To our knowledge, the extent to which placebo-only versus active interventions are provided to control group subjects in clinical trials has not been examined across multiple diseases. This study attempts to fill this gap by systematically assessing the distribution and characteristics of placebo-only versus active-controlled clinical trials supporting FDA approvals of new drugs and biologics for nine common life-threatening diseases.
Materials and methods
Primary data source
The FDA’s database of approved drug products ([email protected]) was our primary data source.31 This publicly available online database comprises information on all drugs and some biological products approved under a new drug application (NDA) or biologic license application (BLA), respectively.32 Each NDA or BLA includes data from all clinical trials cited by the product manufacturer which demonstrate the relevant safety and effectiveness of the product. The FDA’s review and discussion of these trials are available in medical review documents posted at [email protected]
Step 1: Identification of NDAs/BLAs
In step 1, we identified all original NDAs and BLAs approved between January 1, 2006, and December 31, 2011, by using the FDA’s [email protected] database. We excluded supplemental approvals, abbreviated approvals, tentative approvals, approvals not based on new clinical trial data, and duplicates (Supplementary methods, Supplementary materials). We also excluded approvals for infectious diseases and cancer (for which the FDA advises against placebo use7,8), depression (the treatment of which increases, rather than decreases, the risk of suicidality for patients under the age of 25 years), and diagnostic agents. We then reviewed the FDA approval documents and further excluded approvals that did not involve an indication for treating a life-threatening disease, defined as a disease for which long-term mortality risk is elevated, including risk attributable to secondary complications (eg, elevated mortality following fracture in osteoporosis).33 We then selected nine life-threatening diseases associated with the largest number of approvals: diabetes mellitus (type 1 or 2), hypertension, asthma, schizophrenia, COPD, partial seizures, osteoporosis, Parkinson’s disease, and bipolar disorder. Evidence of elevated mortality risk for each disease is documented in Table S1 in the Supplementary materials.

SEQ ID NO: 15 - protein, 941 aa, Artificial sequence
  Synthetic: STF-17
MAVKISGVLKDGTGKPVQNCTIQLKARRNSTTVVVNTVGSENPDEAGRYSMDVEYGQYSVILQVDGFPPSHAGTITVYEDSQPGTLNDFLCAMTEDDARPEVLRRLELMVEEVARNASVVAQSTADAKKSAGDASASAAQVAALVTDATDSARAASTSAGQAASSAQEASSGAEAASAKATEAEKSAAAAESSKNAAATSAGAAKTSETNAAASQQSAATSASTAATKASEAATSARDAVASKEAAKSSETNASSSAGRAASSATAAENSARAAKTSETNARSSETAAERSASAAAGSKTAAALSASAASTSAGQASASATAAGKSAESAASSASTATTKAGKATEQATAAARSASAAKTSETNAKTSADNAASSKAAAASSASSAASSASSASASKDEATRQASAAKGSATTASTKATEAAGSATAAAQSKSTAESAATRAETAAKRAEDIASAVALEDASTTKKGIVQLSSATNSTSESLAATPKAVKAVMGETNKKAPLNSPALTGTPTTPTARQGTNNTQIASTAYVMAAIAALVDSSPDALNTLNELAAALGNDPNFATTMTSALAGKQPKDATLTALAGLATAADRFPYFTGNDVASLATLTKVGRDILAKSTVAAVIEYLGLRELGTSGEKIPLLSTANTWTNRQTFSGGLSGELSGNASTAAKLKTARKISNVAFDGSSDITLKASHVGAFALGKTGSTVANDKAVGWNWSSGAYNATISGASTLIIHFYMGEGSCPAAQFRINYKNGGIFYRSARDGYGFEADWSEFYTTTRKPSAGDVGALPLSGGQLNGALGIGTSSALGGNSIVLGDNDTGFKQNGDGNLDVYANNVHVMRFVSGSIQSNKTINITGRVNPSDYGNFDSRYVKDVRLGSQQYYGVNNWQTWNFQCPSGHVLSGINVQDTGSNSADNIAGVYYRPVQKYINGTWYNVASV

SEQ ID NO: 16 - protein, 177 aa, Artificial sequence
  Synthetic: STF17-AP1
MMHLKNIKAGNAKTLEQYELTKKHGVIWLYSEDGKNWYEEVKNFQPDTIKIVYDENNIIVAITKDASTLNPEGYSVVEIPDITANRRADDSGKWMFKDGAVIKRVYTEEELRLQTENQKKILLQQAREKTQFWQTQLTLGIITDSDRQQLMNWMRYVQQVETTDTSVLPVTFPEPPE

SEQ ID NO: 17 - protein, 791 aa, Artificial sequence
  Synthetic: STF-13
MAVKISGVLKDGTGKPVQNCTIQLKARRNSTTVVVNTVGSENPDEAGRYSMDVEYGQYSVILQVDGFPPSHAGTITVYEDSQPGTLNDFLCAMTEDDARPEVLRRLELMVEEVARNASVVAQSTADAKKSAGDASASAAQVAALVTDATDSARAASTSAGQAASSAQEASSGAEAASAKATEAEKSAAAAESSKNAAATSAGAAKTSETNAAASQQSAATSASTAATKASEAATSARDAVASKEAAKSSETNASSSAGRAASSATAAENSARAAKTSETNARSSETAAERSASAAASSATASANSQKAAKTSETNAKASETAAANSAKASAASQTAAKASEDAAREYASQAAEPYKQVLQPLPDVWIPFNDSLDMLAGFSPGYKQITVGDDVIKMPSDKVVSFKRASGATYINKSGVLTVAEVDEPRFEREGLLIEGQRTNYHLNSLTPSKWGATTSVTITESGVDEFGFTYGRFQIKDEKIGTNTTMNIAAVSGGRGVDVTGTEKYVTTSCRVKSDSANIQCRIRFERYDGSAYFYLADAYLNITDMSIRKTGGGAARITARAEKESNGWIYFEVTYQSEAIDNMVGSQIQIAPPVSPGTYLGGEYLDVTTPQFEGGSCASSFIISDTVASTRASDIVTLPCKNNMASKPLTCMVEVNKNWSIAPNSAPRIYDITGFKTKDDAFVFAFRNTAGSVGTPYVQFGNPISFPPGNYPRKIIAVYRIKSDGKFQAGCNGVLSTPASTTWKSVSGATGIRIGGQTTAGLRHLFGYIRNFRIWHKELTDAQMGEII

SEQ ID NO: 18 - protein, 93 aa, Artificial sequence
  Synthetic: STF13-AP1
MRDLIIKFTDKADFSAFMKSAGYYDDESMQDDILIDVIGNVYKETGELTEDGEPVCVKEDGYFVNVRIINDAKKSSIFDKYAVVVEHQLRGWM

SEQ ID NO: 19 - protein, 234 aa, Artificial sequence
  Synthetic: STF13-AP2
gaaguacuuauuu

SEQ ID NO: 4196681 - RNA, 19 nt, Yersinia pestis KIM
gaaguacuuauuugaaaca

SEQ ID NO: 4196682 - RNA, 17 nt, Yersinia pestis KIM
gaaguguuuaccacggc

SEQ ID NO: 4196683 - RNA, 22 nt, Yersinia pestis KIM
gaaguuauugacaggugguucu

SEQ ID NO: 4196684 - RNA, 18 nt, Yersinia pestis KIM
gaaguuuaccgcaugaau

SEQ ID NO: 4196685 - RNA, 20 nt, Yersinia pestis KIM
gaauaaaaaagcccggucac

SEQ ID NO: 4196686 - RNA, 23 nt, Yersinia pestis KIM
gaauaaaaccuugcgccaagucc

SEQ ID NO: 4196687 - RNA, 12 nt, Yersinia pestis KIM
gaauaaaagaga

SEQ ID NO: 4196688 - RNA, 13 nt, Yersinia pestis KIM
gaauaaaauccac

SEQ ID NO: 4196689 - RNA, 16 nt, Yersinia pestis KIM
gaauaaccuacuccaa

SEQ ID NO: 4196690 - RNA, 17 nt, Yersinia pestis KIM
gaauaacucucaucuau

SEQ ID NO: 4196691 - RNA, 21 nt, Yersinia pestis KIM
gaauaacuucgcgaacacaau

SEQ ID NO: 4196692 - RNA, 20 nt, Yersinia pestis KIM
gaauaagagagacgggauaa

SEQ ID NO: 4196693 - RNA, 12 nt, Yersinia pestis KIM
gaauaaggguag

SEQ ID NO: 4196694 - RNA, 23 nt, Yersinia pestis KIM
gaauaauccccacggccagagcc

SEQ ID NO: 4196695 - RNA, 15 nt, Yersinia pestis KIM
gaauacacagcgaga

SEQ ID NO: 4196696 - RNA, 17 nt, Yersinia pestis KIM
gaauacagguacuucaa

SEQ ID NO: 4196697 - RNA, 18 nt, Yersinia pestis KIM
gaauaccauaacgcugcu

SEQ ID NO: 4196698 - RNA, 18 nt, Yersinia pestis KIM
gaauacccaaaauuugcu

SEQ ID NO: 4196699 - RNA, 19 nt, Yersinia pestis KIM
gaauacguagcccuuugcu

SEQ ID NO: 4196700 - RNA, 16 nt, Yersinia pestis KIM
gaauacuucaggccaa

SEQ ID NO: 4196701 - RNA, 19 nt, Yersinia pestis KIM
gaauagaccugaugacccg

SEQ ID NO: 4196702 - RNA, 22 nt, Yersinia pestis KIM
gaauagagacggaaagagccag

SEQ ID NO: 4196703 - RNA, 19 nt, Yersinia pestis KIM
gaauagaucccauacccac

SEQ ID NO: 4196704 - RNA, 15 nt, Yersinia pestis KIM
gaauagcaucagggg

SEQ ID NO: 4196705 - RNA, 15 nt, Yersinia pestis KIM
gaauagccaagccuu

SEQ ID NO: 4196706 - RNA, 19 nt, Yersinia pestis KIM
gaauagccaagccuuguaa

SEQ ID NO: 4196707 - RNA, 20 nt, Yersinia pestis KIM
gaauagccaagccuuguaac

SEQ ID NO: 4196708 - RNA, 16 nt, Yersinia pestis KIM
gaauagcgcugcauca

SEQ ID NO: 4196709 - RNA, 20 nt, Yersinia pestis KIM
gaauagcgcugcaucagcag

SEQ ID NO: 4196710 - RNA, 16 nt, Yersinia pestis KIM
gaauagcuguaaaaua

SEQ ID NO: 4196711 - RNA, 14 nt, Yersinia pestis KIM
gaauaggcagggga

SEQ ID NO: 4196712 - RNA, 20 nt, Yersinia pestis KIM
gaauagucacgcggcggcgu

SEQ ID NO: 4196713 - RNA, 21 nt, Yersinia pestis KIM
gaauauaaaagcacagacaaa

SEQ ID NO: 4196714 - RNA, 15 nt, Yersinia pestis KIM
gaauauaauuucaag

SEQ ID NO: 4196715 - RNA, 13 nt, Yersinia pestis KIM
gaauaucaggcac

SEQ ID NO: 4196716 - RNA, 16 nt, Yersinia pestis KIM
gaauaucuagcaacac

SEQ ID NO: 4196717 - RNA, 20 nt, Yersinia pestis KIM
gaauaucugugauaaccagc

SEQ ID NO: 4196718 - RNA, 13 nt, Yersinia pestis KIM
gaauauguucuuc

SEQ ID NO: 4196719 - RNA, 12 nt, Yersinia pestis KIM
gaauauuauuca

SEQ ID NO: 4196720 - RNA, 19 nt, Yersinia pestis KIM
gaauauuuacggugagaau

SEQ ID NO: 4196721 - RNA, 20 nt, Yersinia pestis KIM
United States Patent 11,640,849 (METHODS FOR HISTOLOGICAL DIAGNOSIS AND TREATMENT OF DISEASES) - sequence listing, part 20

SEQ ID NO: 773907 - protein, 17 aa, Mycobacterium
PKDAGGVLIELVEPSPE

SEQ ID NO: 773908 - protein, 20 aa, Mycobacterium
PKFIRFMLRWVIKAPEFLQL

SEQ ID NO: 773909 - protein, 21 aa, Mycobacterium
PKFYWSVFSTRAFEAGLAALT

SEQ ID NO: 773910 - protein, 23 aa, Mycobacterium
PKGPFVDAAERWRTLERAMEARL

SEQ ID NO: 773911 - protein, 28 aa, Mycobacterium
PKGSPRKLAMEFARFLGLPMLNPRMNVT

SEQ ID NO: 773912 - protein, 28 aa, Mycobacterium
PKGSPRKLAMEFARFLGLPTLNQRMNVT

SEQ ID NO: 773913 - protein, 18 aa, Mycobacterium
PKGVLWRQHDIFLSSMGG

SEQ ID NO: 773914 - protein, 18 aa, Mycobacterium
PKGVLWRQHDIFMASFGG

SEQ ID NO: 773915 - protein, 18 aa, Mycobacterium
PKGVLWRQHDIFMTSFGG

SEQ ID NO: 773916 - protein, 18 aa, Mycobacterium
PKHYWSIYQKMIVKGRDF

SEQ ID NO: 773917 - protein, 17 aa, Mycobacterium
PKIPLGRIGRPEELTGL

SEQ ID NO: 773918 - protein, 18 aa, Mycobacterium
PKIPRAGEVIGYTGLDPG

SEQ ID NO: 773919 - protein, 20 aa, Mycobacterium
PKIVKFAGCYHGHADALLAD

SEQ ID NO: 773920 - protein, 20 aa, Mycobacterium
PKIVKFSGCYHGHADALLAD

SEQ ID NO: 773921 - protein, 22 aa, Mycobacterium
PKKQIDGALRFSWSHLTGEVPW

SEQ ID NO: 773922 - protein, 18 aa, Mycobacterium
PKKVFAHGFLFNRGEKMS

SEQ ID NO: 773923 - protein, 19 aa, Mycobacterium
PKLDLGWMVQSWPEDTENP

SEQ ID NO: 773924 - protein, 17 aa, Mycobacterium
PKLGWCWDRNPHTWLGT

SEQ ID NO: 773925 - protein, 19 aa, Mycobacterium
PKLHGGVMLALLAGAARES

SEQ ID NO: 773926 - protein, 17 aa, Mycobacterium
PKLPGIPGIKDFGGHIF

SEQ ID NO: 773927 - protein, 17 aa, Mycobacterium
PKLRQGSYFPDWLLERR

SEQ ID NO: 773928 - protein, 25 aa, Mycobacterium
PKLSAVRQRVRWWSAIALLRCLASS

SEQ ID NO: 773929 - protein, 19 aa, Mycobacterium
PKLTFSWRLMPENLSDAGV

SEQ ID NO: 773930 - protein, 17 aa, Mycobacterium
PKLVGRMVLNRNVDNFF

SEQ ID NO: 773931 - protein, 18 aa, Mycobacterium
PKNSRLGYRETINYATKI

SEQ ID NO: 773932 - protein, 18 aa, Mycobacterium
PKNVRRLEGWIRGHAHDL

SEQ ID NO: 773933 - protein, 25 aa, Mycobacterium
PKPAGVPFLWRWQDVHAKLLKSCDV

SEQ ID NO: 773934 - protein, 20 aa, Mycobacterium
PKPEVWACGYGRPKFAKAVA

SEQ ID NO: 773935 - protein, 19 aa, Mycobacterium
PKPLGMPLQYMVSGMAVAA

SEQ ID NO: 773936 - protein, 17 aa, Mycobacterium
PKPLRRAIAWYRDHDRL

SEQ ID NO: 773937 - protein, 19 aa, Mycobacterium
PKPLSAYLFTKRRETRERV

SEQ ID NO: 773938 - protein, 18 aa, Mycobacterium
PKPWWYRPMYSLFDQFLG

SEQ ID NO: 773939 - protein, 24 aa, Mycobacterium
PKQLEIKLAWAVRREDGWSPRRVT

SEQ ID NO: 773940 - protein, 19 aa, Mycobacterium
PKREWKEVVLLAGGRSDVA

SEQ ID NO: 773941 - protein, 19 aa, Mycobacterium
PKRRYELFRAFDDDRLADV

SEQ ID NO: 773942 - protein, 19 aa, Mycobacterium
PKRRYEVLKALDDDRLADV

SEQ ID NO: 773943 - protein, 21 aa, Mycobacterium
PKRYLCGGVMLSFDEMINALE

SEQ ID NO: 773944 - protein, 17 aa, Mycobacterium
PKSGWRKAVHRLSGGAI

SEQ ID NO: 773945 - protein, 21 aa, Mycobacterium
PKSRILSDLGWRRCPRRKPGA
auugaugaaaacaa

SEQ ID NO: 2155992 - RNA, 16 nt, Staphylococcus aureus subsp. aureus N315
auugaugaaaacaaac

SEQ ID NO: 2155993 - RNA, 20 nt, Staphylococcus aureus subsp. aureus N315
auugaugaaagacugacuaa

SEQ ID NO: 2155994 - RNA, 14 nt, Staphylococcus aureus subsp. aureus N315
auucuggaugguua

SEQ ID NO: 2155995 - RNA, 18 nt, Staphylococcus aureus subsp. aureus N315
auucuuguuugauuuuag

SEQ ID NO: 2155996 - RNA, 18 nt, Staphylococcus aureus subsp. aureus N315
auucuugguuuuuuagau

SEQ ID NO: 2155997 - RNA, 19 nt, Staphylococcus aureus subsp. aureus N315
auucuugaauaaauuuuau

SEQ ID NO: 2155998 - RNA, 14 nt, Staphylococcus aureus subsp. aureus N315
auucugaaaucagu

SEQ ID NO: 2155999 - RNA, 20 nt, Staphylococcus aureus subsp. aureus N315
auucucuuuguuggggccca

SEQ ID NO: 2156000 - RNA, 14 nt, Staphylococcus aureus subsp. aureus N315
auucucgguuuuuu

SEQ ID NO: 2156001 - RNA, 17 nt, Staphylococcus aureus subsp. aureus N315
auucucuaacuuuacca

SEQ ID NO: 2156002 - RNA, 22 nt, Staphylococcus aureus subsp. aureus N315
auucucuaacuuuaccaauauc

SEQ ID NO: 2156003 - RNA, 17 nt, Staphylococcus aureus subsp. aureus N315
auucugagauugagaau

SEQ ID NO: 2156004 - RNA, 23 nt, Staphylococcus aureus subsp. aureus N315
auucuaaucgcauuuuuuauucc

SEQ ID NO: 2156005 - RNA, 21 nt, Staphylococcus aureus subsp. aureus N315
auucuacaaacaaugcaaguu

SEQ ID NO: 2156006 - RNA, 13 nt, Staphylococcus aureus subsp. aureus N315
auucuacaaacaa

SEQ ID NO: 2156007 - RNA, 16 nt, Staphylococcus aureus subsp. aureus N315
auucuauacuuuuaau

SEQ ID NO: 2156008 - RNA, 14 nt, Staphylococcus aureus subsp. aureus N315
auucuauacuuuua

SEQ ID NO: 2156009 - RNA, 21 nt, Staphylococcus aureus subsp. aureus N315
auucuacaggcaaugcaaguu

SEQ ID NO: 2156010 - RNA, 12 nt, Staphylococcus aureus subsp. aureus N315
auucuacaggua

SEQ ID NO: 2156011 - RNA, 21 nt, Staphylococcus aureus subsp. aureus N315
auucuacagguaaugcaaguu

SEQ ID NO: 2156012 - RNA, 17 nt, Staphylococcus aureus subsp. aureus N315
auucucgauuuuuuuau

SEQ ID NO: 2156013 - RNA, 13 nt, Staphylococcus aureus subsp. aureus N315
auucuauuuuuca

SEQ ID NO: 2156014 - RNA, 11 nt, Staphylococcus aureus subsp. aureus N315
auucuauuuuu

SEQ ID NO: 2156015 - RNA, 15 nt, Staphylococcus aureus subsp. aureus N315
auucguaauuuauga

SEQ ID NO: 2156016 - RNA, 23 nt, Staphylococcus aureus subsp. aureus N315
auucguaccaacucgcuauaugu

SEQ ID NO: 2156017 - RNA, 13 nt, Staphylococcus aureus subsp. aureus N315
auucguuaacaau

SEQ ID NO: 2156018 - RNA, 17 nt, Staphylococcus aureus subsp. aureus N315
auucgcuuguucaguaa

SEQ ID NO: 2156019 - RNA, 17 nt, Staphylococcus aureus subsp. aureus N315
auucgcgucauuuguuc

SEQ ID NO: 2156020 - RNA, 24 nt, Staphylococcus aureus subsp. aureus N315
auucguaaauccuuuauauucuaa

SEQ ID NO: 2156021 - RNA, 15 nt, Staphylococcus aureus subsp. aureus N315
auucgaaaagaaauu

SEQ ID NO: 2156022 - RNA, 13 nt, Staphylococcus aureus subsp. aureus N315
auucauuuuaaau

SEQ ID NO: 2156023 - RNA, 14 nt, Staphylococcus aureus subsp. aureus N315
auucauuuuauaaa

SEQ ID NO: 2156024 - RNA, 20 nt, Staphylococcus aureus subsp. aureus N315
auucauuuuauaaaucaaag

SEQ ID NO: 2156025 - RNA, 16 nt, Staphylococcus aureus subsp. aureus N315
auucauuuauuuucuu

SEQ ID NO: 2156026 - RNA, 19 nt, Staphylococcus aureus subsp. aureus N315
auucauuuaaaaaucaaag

Step 2: Identification of clinical trials
In step 2, we identified all clinical trials described in the FDA medical review documents for approvals selected in step 1. If the medical review lacked sufficient data, we searched for needed information from clinicaltrials.gov, the peer-reviewed literature, and other public sources (Supplementary Methods, Supplementary materials). The sources used for the final clinical trials included in the study are available in Table S2 in the Supplementary materials.